Aside (continued): After graduation, it remained very simple to me. I understand how alumnus of schools are so devoted to them, but I am not influenced by peer pressure, so I always do my own thinking. I love my City and my State so much that I root for the highest ranked team, for they have the best chance to win the National Championship and bring glory to the Great State of Oklahoma. Most of the time it is OU, but there have actually been rare times when State was the higher ranking team. Also, I pulled for OSU when my Nephew Stevie played for them, because Blood trumps everything. Always.

My most thrilling and exciting trip to Owen Field actually took place in September 1978. I have absolutely no idea who the opponent was; I can only guess that it was some hapless team from another conference that got absolutely ran off the field by the Sooners, so much so that all of the starters were pulled from the game around midway through the third quarter. Coach Switzer was very loose with sideline visitors in a blowout, so me and my partner in many crimes snuck onto the Sooner sideline with ease. David and I wandered around until we found our mark: Junior All-American and 1978 would-be Heisman Trophy winning Running Back Billy Sims. He’d already taken his shoulder pads off and he was relaxing on the bench when two 14-year-olds nervously approached him, and not only did he sign autographs for us, he actually sat both of us down on the ground with him and talked to us until late in the fourth quarter when a coach finally called Sims over. Hs shook our hands and said he had to go; it was the greatest time in my young life. Blessedly, there have been even better moments to come, and I promise to share them all with you eventually.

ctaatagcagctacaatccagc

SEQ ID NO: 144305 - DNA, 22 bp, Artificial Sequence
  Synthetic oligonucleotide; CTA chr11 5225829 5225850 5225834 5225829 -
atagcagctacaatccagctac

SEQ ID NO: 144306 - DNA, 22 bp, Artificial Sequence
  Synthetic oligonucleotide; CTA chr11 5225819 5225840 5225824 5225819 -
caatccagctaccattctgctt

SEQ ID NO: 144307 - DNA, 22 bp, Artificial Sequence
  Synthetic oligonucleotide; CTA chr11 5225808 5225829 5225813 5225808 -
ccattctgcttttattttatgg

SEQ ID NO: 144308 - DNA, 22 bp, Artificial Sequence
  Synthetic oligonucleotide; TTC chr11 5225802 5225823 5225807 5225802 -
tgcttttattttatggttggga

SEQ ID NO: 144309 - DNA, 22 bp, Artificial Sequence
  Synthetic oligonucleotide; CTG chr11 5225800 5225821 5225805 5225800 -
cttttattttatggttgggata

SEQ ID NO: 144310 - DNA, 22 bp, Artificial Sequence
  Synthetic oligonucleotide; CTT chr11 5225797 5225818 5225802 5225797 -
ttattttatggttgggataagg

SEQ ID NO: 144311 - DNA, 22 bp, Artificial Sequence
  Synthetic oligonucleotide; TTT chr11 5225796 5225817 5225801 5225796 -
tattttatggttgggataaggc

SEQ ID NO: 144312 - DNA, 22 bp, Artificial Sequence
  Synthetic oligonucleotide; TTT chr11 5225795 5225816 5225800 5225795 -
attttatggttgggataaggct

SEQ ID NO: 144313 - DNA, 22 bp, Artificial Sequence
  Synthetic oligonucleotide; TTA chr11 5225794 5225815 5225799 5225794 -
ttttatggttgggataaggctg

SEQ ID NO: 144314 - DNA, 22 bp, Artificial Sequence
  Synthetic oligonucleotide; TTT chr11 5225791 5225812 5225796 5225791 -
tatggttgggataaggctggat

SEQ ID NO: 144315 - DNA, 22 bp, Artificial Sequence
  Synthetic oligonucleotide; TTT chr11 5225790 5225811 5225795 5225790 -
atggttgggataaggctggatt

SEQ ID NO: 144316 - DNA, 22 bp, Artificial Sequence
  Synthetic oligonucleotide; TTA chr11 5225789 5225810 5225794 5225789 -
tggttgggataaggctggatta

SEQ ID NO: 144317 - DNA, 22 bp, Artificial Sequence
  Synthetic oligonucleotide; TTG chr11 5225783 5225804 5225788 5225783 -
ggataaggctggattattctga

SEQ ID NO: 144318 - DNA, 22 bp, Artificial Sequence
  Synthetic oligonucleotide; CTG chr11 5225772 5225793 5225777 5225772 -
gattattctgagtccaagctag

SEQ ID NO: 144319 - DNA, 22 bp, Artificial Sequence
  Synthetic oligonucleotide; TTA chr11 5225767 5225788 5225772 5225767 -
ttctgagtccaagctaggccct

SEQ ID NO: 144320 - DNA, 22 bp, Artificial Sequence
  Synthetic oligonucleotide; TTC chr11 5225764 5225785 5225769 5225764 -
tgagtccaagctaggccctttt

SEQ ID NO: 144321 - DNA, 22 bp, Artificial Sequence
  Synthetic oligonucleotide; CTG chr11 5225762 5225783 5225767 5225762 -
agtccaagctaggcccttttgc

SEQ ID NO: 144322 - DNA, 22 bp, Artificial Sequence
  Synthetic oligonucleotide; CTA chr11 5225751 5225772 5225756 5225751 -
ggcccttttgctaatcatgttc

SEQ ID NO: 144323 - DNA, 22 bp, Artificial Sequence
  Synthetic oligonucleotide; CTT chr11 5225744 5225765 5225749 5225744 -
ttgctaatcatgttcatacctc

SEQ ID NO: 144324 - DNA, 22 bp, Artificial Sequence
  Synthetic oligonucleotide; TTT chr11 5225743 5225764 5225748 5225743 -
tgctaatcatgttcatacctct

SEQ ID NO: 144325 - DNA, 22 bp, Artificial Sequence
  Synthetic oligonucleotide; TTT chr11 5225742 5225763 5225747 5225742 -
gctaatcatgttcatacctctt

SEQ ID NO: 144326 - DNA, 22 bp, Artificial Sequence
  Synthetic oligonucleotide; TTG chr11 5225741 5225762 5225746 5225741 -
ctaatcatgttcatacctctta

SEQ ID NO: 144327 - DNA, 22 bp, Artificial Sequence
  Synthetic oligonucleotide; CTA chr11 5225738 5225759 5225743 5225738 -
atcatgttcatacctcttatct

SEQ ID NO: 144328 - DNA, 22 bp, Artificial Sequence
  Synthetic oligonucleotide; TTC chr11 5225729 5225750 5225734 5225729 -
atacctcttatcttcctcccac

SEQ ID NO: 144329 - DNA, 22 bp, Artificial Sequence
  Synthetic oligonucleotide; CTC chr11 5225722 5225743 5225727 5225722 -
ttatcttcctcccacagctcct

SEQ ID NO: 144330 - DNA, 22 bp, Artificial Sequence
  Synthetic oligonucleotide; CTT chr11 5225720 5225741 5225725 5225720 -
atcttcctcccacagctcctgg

For all of my young life, OU Football was pretty much all we were known for nationwide as far as sports were concerned. That’s it, that was the list. Of course, there were many states that has even less to show for in the land of competition, but with all of the sports activity going on in Texas, our neighbor to the south that had the World Famous Dallas Cowboys among many other famous sports entities, it was tough for us Oklahomans not to want a little more attention from the sports world for ourselves. The great thing about attention is that it can come in a variety of ways from all types of sources. A tried and true way to prosperity is to find a need and proceed to fill it. As the 1980s began, a new day was dawning with Title IX and the growth in Women’s Sports, and opportunities were emerging in the most unlikely of places...

Continued on Part 2


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Updated 08-05-2021 at 07:52 PM by K SUMP ON SPORTS